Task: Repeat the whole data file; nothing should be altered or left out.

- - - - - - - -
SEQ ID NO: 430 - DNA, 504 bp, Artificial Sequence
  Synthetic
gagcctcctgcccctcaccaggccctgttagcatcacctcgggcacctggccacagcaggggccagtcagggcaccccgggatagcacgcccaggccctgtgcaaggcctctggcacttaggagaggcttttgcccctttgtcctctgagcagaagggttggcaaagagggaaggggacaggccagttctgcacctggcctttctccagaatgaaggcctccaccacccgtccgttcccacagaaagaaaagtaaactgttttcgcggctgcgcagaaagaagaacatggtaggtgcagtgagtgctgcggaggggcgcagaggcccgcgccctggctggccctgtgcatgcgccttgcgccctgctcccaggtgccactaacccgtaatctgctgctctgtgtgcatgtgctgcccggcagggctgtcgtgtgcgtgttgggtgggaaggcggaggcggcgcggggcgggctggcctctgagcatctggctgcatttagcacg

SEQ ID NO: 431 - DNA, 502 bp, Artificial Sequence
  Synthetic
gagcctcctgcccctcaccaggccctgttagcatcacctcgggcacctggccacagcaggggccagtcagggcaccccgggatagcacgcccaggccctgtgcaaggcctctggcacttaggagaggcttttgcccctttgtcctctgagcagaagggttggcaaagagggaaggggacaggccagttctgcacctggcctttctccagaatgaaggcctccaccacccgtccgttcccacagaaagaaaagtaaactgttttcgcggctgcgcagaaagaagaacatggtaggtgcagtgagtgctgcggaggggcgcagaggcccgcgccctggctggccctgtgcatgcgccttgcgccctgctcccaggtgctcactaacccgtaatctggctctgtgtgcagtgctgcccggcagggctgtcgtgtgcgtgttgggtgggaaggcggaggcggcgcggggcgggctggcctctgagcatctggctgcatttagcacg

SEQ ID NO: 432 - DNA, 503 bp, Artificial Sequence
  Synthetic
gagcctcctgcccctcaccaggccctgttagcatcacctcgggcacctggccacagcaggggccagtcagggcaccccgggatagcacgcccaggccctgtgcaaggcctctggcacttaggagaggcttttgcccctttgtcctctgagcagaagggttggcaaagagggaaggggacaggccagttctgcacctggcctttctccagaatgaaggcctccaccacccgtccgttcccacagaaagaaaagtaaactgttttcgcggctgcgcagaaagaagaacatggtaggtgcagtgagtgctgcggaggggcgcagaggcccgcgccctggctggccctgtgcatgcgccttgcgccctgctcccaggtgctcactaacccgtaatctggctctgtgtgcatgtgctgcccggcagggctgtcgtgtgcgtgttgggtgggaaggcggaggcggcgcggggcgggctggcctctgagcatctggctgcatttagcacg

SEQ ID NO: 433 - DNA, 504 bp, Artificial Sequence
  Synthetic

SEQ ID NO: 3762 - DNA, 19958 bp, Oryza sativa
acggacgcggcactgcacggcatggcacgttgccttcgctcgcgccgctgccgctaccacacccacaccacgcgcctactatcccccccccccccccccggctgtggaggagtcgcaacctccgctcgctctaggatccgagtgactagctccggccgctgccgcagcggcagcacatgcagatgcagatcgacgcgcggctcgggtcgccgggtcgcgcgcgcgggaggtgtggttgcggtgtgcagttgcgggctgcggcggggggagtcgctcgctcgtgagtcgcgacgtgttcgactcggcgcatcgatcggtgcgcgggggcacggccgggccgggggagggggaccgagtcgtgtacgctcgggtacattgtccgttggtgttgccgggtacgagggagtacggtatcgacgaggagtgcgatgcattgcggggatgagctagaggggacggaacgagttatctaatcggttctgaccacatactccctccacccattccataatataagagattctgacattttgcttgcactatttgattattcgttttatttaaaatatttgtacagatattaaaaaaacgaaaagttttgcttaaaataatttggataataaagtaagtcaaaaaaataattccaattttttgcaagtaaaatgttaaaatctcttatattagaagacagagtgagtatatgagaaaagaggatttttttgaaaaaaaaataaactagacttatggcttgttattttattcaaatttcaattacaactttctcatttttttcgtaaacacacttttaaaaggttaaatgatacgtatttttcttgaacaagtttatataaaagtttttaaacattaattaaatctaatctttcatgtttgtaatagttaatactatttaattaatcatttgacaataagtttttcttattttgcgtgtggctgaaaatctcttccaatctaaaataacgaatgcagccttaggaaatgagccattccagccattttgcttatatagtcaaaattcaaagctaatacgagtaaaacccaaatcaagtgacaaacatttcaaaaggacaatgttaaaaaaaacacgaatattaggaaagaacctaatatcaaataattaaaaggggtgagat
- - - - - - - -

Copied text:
SEQ ID NO: 430 - DNA, 504 bp, Artificial Sequence
  Synthetic
gagcctcctgcccctcaccaggccctgttagcatcacctcgggcacctggccacagcaggggccagtcagggcaccccgggatagcacgcccaggccctgtgcaaggcctctggcacttaggagaggcttttgcccctttgtcctctgagcagaagggttggcaaagagggaaggggacaggccagttctgcacctggcctttctccagaatgaaggcctccaccacccgtccgttcccacagaaagaaaagtaaactgttttcgcggctgcgcagaaagaagaacatggtaggtgcagtgagtgctgcggaggggcgcagaggcccgcgccctggctggccctgtgcatgcgccttgcgccctgctcccaggtgccactaacccgtaatctgctgctctgtgtgcatgtgctgcccggcagggctgtcgtgtgcgtgttgggtgggaaggcggaggcggcgcggggcgggctggcctctgagcatctggctgcatttagcacg

SEQ ID NO: 431 - DNA, 502 bp, Artificial Sequence
  Synthetic
gagcctcctgcccctcaccaggccctgttagcatcacctcgggcacctggccacagcaggggccagtcagggcaccccgggatagcacgcccaggccctgtgcaaggcctctggcacttaggagaggcttttgcccctttgtcctctgagcagaagggttggcaaagagggaaggggacaggccagttctgcacctggcctttctccagaatgaaggcctccaccacccgtccgttcccacagaaagaaaagtaaactgttttcgcggctgcgcagaaagaagaacatggtaggtgcagtgagtgctgcggaggggcgcagaggcccgcgccctggctggccctgtgcatgcgccttgcgccctgctcccaggtgctcactaacccgtaatctggctctgtgtgcagtgctgcccggcagggctgtcgtgtgcgtgttgggtgggaaggcggaggcggcgcggggcgggctggcctctgagcatctggctgcatttagcacg

SEQ ID NO: 432 - DNA, 503 bp, Artificial Sequence
  Synthetic
gagcctcctgcccctcaccaggccctgttagcatcacctcgggcacctggccacagcaggggccagtcagggcaccccgggatagcacgcccaggccctgtgcaaggcctctggcacttaggagaggcttttgcccctttgtcctctgagcagaagggttggcaaagagggaaggggacaggccagttctgcacctggcctttctccagaatgaaggcctccaccacccgtccgttcccacagaaagaaaagtaaactgttttcgcggctgcgcagaaagaagaacatggtaggtgcagtgagtgctgcggaggggcgcagaggcccgcgccctggctggccctgtgcatgcgccttgcgccctgctcccaggtgctcactaacccgtaatctggctctgtgtgcatgtgctgcccggcagggctgtcgtgtgcgtgttgggtgggaaggcggaggcggcgcggggcgggctggcctctgagcatctggctgcatttagcacg

SEQ ID NO: 433 - DNA, 504 bp, Artificial Sequence
  Synthetic

SEQ ID NO: 3762 - DNA, 19958 bp, Oryza sativa
acggacgcggcactgcacggcatggcacgttgccttcgctcgcgccgctgccgctaccacacccacaccacgcgcctactatcccccccccccccccccggctgtggaggagtcgcaacctccgctcgctctaggatccgagtgactagctccggccgctgccgcagcggcagcacatgcagatgcagatcgacgcgcggctcgggtcgccgggtcgcgcgcgcgggaggtgtggttgcggtgtgcagttgcgggctgcggcggggggagtcgctcgctcgtgagtcgcgacgtgttcgactcggcgcatcgatcggtgcgcgggggcacggccgggccgggggagggggaccgagtcgtgtacgctcgggtacattgtccgttggtgttgccgggtacgagggagtacggtatcgacgaggagtgcgatgcattgcggggatgagctagaggggacggaacgagttatctaatcggttctgaccacatactccctccacccattccataatataagagattctgacattttgcttgcactatttgattattcgttttatttaaaatatttgtacagatattaaaaaaacgaaaagttttgcttaaaataatttggataataaagtaagtcaaaaaaataattccaattttttgcaagtaaaatgttaaaatctcttatattagaagacagagtgagtatatgagaaaagaggatttttttgaaaaaaaaataaactagacttatggcttgttattttattcaaatttcaattacaactttctcatttttttcgtaaacacacttttaaaaggttaaatgatacgtatttttcttgaacaagtttatataaaagtttttaaacattaattaaatctaatctttcatgtttgtaatagttaatactatttaattaatcatttgacaataagtttttcttattttgcgtgtggctgaaaatctcttccaatctaaaataacgaatgcagccttaggaaatgagccattccagccattttgcttatatagtcaaaattcaaagctaatacgagtaaaacccaaatcaagtgacaaacatttcaaaaggacaatgttaaaaaaaacacgaatattaggaaagaacctaatatcaaataattaaaaggggtgagat